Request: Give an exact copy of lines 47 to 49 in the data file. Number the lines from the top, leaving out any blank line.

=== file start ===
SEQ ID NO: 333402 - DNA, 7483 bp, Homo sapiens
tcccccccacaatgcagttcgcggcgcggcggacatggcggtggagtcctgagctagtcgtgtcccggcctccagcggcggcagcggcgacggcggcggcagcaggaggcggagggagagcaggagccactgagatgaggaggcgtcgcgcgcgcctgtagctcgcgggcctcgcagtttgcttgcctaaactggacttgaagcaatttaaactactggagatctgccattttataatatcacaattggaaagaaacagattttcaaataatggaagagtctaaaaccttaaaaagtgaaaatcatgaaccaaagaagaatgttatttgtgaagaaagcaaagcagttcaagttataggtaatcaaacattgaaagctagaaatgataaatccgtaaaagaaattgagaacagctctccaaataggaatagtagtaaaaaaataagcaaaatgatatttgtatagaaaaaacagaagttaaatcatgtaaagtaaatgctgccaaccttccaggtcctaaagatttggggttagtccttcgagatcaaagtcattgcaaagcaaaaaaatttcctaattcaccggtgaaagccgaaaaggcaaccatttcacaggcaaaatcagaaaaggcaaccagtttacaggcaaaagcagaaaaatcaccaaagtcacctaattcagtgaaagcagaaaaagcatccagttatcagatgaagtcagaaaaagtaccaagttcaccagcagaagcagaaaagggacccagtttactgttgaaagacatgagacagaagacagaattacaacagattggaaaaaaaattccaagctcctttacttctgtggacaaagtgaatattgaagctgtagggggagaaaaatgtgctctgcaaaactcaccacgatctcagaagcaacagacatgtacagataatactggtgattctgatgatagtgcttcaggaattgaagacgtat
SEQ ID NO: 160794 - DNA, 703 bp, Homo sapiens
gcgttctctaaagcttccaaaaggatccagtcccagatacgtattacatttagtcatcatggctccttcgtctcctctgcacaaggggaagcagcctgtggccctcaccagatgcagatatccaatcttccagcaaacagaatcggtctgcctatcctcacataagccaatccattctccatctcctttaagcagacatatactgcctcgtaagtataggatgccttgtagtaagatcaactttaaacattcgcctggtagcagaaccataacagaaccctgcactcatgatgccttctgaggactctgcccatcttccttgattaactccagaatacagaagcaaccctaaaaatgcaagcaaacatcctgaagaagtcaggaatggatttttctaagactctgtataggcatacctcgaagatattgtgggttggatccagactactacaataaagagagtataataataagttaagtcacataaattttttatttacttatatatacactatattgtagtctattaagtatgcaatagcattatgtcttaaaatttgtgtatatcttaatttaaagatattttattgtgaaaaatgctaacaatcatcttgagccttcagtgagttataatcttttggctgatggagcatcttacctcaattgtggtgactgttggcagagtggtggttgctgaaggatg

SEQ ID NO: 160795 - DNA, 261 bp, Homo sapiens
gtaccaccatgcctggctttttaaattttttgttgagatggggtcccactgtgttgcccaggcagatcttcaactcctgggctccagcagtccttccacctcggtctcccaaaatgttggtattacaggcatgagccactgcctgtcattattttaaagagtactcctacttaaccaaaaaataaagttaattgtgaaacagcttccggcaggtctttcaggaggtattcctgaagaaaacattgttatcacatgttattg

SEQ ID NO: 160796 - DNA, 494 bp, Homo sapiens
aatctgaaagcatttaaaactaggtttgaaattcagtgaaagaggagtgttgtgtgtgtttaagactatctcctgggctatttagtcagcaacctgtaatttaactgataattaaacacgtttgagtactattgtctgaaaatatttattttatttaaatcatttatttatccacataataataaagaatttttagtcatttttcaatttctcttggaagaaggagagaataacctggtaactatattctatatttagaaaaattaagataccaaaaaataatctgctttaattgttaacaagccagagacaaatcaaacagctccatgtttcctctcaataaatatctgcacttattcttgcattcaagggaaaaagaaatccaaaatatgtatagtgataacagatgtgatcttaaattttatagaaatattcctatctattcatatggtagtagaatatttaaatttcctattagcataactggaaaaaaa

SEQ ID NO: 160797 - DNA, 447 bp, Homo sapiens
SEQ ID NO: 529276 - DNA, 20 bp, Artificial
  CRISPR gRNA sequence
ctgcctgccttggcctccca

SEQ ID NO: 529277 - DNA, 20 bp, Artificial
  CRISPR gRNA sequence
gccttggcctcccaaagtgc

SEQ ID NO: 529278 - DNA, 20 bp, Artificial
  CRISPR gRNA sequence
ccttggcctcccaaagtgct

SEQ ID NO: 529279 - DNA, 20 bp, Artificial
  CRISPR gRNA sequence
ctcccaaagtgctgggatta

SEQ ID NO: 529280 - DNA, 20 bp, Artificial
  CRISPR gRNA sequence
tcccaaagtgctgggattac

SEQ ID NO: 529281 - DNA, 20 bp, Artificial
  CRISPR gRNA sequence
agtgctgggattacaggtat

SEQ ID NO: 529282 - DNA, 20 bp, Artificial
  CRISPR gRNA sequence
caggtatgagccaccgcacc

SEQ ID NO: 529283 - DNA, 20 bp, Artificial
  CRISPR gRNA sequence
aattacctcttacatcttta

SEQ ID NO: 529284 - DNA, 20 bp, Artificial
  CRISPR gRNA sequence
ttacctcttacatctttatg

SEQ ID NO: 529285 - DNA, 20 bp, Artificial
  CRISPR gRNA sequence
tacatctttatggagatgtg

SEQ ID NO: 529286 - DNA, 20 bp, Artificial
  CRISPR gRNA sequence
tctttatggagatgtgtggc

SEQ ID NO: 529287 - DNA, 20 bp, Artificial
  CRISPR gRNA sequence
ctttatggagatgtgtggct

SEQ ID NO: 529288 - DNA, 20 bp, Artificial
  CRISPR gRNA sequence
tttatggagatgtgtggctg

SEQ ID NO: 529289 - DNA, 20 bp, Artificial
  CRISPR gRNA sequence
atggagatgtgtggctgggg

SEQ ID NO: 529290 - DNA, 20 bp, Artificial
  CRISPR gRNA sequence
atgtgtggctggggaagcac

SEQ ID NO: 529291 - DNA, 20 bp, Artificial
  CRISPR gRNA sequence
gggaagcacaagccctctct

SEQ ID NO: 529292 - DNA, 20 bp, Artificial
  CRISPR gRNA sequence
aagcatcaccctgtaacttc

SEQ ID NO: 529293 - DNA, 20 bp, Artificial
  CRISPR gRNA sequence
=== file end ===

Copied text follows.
  CRISPR gRNA sequence
tttatggagatgtgtggctg

SEQ ID NO: 529289 - DNA, 20 bp, Artificial